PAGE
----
The award includes a plaque and a check for $2,500 and will be presented at the Opening Plenary Session of the 20th ACM SIGKDD International Conference on Knowledge Discovery and Data Mining (KDD2014), on Sunday August 24th in New York City, USA. Prof. Domingos will present the Innovation Award Lecture immediately after the awards presentations.
For more information, visit http://sigkdd.org/pedrodomingos1
Related:
Prof. Domingos carried out some of the earliest research on mining data streams. His VFDT algorithm was the first to be capable of learning decision trees from streams while guaranteeing that the result is very close to that of batch learning, and remains the fastest decision tree learner available. He went on to generalize the ideas in VFDT to clustering, the EM algorithm, Bayesian network structure learning, and other problems. The resulting VFML toolkit is one of the best opensource resources for stream mining.
Another of Prof. Domingos' key contributions was the MetaCost algorithm, perhaps the most widely used algorithm for costsensitive classification. Previously, misclassification errors with different costs were handled by oversampling or undersampling the classes, both of which have serious drawbacks. Instead, MetaCost decisiontheoretically relabels examples to minimize cost while preserving the data distribution.
Prof. Domingos was a pioneer in social network mining, where he defined the influence maximization problem and proposed the first algorithms for it. The goal of influence maximization is to optimally choose which nodes in a network to influence such that the greatest possible cascade of word of mouth results. This has led to both a new area of research and intense interest from industry.
Another area that Prof. Domingos helped start is adversarial learning. In many areas, including spam filtering, fraud detection and counterterrorism, the people being modeled by the learning system modify their behavior adversarially in response to the system. For example, spammers modify their messages to fool the spam filter. Prof. Domingos defined the problem of adversarial classification as a game between a learner (whose moves are classifiers) and an adversary (whose moves are perturbations of the data), and developed the first algorithm to solve it. Adversarial learning has since grown into a major area of both fundamental and applied interest.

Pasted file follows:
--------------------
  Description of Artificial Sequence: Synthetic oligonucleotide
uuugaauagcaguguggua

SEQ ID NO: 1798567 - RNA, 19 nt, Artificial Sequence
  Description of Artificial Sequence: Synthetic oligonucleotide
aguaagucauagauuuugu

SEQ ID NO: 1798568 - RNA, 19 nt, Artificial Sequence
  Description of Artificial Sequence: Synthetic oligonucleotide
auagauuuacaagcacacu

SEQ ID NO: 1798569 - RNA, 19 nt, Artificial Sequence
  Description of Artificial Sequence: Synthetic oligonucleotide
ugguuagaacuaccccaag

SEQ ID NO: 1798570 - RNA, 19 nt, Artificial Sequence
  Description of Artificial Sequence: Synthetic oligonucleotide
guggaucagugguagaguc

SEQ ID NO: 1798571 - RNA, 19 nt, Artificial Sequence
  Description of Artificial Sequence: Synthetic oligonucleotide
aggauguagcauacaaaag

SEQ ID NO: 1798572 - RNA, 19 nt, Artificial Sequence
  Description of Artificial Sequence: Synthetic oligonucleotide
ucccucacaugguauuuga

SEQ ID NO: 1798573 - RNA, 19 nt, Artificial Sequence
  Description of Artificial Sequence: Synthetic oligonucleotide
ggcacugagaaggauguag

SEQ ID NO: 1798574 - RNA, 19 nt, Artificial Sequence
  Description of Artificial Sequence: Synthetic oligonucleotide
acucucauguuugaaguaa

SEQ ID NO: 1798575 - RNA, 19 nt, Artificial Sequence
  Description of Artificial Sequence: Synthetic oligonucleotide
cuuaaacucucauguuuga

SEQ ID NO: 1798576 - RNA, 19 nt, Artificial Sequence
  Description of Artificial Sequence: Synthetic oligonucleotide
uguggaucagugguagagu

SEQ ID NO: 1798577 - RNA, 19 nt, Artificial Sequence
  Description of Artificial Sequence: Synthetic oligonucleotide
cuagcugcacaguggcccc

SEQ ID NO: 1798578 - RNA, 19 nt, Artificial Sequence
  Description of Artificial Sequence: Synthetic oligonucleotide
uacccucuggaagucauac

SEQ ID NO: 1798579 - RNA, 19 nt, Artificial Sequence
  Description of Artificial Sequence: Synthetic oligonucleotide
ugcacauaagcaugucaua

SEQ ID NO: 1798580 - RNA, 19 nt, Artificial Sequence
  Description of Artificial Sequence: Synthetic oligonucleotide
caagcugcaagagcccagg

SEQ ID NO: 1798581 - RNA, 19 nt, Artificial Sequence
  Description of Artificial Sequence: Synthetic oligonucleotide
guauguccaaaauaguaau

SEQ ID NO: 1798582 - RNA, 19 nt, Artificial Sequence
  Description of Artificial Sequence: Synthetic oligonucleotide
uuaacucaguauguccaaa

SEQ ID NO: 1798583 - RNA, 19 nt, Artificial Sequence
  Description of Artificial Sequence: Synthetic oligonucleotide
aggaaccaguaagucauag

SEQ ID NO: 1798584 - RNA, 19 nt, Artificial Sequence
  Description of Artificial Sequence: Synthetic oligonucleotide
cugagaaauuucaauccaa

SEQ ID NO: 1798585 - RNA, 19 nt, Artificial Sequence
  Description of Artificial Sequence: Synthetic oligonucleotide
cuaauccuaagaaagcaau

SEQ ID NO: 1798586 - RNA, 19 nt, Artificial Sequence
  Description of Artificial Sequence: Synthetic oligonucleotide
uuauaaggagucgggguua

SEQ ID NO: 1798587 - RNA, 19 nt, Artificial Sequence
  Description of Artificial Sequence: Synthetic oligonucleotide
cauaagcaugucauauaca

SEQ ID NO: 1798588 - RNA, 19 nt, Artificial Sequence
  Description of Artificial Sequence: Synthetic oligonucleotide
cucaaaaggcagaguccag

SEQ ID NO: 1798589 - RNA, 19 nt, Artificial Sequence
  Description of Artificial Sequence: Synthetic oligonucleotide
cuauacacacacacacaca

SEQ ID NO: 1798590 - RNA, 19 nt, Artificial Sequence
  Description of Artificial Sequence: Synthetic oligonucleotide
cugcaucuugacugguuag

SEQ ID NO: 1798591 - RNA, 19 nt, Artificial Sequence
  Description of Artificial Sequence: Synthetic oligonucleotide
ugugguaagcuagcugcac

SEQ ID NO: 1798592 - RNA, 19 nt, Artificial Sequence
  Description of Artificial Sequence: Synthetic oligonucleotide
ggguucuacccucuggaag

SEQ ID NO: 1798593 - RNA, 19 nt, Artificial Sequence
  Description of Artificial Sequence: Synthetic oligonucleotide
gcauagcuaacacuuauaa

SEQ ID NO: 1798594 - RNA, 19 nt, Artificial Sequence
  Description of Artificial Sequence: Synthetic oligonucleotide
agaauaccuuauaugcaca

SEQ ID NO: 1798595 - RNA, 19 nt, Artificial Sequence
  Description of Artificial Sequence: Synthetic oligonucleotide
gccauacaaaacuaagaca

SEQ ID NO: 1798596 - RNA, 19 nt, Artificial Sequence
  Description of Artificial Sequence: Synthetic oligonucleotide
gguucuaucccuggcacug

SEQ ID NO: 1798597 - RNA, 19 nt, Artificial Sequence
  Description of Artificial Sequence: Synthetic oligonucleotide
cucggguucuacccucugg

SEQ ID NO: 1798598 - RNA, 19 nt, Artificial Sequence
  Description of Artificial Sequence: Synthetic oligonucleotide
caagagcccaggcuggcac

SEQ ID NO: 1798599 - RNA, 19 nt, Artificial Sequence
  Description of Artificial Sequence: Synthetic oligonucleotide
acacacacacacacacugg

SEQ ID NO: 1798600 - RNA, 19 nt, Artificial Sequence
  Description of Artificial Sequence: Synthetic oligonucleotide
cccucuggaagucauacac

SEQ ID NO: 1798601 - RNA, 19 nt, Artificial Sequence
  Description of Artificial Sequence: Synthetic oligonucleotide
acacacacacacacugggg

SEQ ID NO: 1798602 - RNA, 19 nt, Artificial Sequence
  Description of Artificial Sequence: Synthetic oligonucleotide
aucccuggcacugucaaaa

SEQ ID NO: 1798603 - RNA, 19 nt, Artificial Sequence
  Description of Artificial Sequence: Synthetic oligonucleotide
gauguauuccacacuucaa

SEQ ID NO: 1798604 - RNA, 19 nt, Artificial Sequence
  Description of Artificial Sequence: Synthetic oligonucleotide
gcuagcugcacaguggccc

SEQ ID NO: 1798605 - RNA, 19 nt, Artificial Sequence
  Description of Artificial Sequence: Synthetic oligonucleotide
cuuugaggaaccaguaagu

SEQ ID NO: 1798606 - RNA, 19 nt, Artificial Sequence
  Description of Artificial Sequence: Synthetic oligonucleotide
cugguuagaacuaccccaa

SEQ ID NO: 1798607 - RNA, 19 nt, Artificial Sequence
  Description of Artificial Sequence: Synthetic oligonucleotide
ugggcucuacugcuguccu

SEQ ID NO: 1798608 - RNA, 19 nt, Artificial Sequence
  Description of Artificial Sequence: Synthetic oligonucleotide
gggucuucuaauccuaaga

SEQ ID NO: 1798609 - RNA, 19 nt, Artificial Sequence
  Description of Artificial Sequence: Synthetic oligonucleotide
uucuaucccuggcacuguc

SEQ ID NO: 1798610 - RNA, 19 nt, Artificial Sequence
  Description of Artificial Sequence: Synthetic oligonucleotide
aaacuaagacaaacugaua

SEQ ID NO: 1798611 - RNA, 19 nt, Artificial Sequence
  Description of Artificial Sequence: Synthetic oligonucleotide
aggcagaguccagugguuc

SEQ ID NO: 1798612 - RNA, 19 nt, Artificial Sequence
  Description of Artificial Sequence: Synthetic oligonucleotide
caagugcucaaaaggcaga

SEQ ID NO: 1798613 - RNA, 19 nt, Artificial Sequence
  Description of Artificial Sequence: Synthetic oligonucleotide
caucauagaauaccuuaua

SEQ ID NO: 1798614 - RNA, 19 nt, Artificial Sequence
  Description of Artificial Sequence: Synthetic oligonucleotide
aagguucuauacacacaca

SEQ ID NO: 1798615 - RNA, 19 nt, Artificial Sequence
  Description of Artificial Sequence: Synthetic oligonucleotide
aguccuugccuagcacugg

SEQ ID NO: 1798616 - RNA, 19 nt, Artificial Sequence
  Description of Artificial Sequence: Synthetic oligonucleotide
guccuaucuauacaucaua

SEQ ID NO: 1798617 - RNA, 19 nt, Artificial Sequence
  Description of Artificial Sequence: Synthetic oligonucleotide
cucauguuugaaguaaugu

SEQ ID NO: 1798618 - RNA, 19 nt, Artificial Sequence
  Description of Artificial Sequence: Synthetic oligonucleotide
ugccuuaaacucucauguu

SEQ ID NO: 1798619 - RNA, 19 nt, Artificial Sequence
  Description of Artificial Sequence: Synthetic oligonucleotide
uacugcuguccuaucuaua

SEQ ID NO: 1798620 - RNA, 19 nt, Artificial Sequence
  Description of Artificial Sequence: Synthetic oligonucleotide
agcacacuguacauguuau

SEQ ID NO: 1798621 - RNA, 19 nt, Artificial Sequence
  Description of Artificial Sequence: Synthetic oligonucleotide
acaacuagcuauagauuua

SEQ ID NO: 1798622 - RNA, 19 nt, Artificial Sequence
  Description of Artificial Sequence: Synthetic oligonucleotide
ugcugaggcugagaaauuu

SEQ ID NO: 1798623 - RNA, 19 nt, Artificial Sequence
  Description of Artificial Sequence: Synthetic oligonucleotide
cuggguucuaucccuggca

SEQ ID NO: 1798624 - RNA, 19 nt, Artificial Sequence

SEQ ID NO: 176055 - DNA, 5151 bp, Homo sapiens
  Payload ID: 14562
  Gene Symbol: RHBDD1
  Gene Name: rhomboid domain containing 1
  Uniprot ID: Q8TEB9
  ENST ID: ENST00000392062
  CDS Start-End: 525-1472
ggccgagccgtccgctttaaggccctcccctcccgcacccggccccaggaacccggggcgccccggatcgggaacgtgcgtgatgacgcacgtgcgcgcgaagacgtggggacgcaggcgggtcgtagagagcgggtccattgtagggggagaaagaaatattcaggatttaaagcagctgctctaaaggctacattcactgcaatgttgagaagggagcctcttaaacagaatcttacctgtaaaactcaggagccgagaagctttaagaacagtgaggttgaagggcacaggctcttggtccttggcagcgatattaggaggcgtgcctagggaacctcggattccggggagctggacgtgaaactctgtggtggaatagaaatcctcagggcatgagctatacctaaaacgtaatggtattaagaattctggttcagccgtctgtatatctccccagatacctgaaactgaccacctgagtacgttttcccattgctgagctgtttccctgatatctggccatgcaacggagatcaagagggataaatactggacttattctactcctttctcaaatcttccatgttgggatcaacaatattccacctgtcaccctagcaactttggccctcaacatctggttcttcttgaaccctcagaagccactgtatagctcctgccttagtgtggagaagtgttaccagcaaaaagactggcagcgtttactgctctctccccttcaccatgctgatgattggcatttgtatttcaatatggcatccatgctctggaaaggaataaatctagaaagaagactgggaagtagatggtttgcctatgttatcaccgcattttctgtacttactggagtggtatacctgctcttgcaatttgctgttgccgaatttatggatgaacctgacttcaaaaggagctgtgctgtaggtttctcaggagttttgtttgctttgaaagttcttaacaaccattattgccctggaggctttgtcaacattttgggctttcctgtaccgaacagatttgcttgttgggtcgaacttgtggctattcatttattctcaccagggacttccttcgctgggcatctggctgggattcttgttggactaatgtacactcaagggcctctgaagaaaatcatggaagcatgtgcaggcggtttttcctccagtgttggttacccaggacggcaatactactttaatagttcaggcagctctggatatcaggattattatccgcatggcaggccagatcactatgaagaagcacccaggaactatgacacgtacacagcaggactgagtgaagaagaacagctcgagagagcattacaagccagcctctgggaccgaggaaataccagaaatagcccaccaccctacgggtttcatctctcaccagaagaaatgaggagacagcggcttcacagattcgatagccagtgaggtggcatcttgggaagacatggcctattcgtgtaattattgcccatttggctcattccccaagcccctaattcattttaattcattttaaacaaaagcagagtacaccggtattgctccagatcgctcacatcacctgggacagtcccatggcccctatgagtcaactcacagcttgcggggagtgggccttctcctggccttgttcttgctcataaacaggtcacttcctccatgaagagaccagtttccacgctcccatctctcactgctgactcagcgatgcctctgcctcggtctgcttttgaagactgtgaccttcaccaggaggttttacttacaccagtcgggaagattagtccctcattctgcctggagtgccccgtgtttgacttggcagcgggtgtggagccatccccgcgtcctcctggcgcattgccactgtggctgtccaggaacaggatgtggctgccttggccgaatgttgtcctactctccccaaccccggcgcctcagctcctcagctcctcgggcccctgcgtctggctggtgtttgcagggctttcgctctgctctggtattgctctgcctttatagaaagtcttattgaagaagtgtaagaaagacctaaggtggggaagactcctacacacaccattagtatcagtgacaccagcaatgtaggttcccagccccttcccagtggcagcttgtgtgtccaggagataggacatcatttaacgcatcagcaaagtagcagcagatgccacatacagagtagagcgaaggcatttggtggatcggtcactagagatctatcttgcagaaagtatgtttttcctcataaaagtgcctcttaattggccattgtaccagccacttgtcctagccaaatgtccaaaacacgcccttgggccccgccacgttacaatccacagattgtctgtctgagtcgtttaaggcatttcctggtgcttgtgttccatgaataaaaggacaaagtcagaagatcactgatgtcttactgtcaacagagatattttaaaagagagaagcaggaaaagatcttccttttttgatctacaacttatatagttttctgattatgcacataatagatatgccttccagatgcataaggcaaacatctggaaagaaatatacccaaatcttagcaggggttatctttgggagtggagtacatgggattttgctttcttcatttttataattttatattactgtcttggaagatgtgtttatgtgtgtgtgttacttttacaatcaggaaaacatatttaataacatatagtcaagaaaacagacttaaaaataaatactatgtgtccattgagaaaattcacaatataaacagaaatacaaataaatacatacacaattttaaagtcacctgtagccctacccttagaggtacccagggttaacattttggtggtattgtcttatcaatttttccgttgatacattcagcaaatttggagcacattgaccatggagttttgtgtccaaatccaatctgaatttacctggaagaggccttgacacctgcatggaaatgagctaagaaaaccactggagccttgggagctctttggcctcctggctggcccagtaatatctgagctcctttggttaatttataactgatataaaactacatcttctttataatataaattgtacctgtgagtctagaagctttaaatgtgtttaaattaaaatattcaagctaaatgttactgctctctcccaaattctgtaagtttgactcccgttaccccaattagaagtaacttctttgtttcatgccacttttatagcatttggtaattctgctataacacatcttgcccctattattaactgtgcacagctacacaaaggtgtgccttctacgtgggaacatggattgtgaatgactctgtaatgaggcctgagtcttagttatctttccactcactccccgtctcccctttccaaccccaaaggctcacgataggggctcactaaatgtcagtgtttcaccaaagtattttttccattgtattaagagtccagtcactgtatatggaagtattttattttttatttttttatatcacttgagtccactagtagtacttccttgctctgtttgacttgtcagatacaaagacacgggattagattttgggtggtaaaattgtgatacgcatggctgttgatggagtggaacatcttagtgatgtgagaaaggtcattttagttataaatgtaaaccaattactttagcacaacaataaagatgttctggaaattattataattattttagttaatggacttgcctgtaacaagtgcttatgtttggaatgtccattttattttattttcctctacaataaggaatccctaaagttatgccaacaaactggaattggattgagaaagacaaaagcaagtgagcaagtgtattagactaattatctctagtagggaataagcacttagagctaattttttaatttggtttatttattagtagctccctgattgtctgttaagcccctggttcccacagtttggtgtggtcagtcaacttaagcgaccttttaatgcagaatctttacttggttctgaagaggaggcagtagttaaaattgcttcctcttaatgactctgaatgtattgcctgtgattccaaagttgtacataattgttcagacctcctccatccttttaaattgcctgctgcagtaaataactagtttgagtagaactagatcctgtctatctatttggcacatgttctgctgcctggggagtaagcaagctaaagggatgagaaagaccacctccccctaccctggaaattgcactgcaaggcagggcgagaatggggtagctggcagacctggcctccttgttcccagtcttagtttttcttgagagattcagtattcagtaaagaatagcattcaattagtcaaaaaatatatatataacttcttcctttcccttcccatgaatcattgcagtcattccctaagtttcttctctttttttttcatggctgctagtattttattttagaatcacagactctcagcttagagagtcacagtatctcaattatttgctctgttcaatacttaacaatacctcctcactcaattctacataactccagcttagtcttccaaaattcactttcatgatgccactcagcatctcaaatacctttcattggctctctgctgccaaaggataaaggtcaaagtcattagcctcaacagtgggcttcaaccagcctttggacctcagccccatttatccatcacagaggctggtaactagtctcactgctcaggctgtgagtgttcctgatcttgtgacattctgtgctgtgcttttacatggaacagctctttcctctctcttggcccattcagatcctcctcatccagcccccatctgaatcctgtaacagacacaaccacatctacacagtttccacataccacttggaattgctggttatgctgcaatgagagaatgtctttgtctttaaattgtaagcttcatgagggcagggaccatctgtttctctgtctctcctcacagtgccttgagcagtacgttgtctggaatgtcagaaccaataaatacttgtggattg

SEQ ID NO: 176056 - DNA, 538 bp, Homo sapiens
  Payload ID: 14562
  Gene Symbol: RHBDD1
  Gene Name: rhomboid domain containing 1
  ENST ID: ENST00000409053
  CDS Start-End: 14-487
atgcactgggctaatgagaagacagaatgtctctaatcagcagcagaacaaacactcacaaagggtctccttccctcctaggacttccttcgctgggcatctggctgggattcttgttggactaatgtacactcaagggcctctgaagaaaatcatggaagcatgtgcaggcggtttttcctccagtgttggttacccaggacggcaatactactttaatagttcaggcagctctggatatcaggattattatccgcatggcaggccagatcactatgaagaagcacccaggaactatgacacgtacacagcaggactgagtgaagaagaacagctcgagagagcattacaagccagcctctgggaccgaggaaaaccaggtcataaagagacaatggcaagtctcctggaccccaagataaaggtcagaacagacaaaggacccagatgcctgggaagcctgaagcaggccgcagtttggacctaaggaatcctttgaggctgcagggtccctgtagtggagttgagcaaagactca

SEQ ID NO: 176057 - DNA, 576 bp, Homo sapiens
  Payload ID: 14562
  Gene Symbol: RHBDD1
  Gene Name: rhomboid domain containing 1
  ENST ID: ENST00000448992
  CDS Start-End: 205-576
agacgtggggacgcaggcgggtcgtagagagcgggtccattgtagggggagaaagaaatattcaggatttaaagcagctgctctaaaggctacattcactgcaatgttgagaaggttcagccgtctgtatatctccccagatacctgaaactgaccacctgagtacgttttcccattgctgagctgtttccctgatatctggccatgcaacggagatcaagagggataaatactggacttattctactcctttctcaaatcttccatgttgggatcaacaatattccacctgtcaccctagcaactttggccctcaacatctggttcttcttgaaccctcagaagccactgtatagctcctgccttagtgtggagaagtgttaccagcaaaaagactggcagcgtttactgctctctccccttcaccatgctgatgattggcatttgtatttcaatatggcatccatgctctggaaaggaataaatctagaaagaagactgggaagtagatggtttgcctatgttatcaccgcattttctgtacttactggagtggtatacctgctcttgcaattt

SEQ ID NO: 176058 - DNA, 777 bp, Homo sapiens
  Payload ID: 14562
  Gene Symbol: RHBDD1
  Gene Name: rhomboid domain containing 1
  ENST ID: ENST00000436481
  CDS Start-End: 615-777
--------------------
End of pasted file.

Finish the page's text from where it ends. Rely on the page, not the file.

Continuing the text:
Prof. Domingos also pioneered the use of machine learning methods in information integration, a problem of crucial importance to large organizations that includes schema matching, ontology alignment and entity resolution. Prof. Domingos addressed each of these, and learningbased approaches to them are now standard.
In the last decade, Prof. Domingos has led the field of statistical multirelational learning which is essential for a mature science of knowledge discovery. Prof. Domingos has proposed Markov logic networks as a means to unify firstorder logic and probabilistic graphical models. This formalism form the basis of research by many different groups, and of the opensource Alchemy system.
Prof. Domingos received his Ph.D. in Information and Computer Science from the University of California, Irvine, in 1997, and is currently Professor of Computer Science and Engineering at the University of Washington. He has authored or coauthored over 200 technical publications, several of which have received best paper awards. He was program cochair of KDD03 and associate editor of JAIR, cofounded the International Machine Learning Society, and serves on the editorial board of Machine Learning. He is a AAAI Fellow, and has received many previous distinctions, including an NSF CAREER Award, a Sloan Fellowship, an IBM Faculty Award, and a Fulbright Scholarship.
The previous SIGKDD Innovation Award winners have been: Rakesh Agrawal, Jerome Friedman, Heikki Mannila, Jiawei Han, Leo Breiman, Ramakrishnan Srikant, Usama M. Fayyad, Raghu Ramakrishnan, Padhraic Smyth, Christos Faloutsos, J. Ross Quinlan, Vipin Kumar, and Jon Kleinberg.
The award includes a plaque and a check for $2,500 and will be presented at the Opening Plenary Session of the 20th ACM SIGKDD International Conference on Knowledge Discovery and Data Mining (KDD2014), on Sunday August 24th in New York City, USA. Prof. Domingos will present the Innovation Award Lecture immediately after the awards presentations.
For more information, visit http://sigkdd.org/pedrodomingos1
Related:
Top Stories Past 30 Days